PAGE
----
Much Uruguayan social life revolves around the sharing of a traditional hot herbal infusion called mate, but even that seemingly innocuous practice is under threat from the new coronavirus pandemic.
The sight of people walking down the street with a mate gourd cupped in one hand, its metal straw sticking out, and a thermos tucked under the other arm is synonymous with Uruguay.
Friends will often relax sharing a single gourd of mate -- pronounced mah-tay -- through the same metal "bombilla" straw.
But Uruguay's government has asked its people not to share bombillas any more.
It's been a shock to the system for many Uruguayans, like Leonel Garcia who turned down a sip from his sister's mate.
"I didn't want to drink it with her!" said the 43-year-old from Montevideo.
Uruguayans consume 10 kilograms (22 pounds) a year of yerba mate -- the bitter herb infused in piping hot water to make the mate drink -- more than anyone else. An average drinker thinks nothing of consuming two liters (four pints) a day.
Giving it up is not an option in a country where it's almost an addiction, but the experience is changing.
"I haven't stopped drinking mate, simply because I can't, but I've lost ... the spirit of congregation, of closeness, of complicity, of getting together," said Garcia.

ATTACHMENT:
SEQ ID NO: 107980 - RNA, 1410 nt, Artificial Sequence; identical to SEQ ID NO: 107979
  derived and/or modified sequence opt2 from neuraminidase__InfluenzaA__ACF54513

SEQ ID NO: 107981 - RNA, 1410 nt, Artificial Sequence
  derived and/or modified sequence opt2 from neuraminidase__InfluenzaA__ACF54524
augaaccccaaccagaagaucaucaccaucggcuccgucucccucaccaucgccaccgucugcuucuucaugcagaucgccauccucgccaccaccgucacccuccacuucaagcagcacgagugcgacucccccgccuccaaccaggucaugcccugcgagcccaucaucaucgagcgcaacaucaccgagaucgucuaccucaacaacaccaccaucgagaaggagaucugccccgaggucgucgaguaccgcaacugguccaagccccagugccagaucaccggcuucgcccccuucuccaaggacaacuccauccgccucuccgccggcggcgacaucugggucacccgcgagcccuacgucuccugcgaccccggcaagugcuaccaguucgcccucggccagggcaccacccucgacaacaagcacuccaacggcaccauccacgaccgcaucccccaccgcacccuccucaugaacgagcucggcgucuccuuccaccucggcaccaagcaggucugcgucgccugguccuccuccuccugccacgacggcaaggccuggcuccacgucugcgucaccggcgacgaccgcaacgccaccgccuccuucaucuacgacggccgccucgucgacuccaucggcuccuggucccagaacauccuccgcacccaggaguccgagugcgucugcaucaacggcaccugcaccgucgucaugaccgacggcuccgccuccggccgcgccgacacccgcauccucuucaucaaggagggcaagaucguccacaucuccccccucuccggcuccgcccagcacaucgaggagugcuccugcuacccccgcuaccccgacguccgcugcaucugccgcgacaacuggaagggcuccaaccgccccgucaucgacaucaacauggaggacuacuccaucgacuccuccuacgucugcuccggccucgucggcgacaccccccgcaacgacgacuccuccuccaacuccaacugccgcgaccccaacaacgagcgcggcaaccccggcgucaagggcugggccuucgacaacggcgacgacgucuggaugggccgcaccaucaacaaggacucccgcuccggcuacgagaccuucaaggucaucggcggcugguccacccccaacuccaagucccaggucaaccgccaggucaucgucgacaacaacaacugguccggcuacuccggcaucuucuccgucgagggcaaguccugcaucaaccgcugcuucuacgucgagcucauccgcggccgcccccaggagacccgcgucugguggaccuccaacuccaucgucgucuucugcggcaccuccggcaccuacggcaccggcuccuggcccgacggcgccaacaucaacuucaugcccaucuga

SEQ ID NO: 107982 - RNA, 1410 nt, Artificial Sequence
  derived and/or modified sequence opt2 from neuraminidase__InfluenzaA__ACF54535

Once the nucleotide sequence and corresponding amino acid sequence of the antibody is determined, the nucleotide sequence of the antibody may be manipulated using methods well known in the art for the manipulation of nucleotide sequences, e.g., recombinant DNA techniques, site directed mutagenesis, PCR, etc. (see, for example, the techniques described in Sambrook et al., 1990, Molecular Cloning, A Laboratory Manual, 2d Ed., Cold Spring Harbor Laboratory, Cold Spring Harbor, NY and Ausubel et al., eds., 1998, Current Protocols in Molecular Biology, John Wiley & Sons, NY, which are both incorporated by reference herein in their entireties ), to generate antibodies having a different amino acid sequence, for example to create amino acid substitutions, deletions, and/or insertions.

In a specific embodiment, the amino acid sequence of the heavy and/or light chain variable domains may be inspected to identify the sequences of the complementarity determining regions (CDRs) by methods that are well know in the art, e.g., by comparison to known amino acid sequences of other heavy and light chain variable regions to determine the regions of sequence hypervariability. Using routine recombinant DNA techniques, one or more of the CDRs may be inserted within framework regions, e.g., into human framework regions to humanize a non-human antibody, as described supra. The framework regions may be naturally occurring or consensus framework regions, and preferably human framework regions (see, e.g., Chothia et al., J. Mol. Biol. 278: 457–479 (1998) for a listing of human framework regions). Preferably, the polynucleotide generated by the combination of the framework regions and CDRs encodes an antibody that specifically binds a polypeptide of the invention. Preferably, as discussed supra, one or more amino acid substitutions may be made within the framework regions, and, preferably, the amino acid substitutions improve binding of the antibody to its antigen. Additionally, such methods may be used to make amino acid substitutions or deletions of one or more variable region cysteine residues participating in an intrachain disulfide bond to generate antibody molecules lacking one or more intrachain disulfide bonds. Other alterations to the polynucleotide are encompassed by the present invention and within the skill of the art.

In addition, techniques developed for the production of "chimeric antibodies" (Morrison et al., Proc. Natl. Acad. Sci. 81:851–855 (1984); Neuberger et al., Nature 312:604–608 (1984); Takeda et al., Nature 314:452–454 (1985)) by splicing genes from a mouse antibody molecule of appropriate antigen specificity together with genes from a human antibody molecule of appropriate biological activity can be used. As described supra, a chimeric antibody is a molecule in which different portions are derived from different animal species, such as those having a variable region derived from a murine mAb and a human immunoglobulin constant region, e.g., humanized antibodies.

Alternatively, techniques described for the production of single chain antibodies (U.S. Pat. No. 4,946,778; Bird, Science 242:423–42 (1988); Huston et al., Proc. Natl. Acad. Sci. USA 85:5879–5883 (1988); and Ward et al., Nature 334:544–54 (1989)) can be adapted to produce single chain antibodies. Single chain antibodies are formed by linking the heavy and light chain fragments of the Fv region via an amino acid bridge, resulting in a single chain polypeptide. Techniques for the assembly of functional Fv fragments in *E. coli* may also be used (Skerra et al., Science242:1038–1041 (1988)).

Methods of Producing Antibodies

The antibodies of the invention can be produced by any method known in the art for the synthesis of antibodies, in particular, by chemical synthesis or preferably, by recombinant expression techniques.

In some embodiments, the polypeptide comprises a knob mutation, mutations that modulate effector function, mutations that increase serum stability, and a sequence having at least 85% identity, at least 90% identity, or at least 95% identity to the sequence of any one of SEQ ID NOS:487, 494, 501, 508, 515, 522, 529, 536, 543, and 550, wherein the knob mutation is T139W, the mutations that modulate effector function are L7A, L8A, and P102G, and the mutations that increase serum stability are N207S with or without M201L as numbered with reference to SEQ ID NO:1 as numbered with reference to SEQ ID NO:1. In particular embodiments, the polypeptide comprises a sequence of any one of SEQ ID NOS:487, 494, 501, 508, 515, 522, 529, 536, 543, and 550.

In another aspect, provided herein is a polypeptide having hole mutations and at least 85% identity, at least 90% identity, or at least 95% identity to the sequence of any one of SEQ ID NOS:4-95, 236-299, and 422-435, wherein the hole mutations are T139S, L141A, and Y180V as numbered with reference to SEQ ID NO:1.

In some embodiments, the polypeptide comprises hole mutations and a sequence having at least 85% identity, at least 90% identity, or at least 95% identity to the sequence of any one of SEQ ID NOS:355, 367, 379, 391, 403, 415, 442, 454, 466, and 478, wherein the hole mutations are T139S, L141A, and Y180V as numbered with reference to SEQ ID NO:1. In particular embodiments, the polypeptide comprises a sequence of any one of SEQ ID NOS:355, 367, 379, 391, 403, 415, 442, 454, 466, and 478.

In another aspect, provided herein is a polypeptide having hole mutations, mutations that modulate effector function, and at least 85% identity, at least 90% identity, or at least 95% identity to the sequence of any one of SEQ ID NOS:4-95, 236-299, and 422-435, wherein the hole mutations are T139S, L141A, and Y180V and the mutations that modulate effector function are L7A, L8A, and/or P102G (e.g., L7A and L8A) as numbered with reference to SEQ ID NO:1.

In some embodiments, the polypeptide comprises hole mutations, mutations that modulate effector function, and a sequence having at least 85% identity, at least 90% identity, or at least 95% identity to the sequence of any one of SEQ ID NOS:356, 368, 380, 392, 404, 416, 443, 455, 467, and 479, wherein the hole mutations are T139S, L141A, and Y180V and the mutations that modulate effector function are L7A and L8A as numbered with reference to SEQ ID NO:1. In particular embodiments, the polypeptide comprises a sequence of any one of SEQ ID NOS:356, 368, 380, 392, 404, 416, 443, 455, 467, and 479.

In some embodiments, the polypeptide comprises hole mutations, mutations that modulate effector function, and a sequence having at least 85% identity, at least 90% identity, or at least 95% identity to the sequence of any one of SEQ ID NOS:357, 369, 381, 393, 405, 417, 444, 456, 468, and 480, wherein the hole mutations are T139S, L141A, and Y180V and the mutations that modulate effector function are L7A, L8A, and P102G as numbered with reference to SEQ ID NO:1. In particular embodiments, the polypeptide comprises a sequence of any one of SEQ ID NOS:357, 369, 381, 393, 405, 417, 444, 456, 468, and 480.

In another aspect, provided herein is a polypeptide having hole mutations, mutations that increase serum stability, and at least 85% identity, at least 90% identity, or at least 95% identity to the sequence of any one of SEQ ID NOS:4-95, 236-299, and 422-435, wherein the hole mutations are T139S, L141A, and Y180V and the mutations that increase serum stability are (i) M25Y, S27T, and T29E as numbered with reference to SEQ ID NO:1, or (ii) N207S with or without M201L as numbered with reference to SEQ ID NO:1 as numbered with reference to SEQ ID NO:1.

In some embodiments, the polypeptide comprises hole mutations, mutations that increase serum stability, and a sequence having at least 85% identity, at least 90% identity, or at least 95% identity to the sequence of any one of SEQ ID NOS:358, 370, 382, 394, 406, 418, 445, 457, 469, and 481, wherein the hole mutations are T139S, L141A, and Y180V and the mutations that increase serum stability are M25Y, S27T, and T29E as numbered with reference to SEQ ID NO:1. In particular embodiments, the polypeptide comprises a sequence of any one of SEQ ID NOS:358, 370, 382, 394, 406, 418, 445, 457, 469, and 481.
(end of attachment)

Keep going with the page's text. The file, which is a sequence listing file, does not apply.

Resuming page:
Mate, which was first produced by the indigenous Guarani people is also popular in Argentina, Paraguay and parts of Brazil and Chile.
It is so ingrained in Argentine, Paraguayan and Uruguayan culture that each country has its own separate national mate day.
- Impolite not to share -
Authorities in Argentina are just as worried as those in Uruguay and have advised against "sharing mate, cutlery and utensils."
In Paraguay, the government warned of the risks involved in sharing terere, a yerba mate infusion that is drunk cold or even frozen.
"People have to get used to it and stop sharing," Paraguay's Health Minister Julio Mazzoleni told AFP.
But in all three countries, it's considered almost impolite to drink alone when among people.
"There's never been a study in our countries about this ancient tradition of sharing mate in terms of transmitting pathogens," Uruguayan epidemiologist Eduardo Savio, a coordinator at the Pan American Association of Infectious Diseases, told AFP.
"Now, there's a reason (to stop sharing) given that the virus is found in saliva. If you share mate with other people, you could ingest saliva containing the virus and that's a way of getting infected."
However, habits die hard. In Buenos Aires and Montevideo over the weekend, groups of people could be seen sharing their mate.
Sharing is not just a sign of respect or amiability, it's the crux of this daily ceremony.
Late Uruguayan anthropologist Daniel Vidart once wrote that "behind the action ... of preparing and drinking mate, there is a definition of the world and life ... mate overcomes isolation tendencies."
That's exactly the opposite of the health advice being given to suppress the spread of the coronavirus.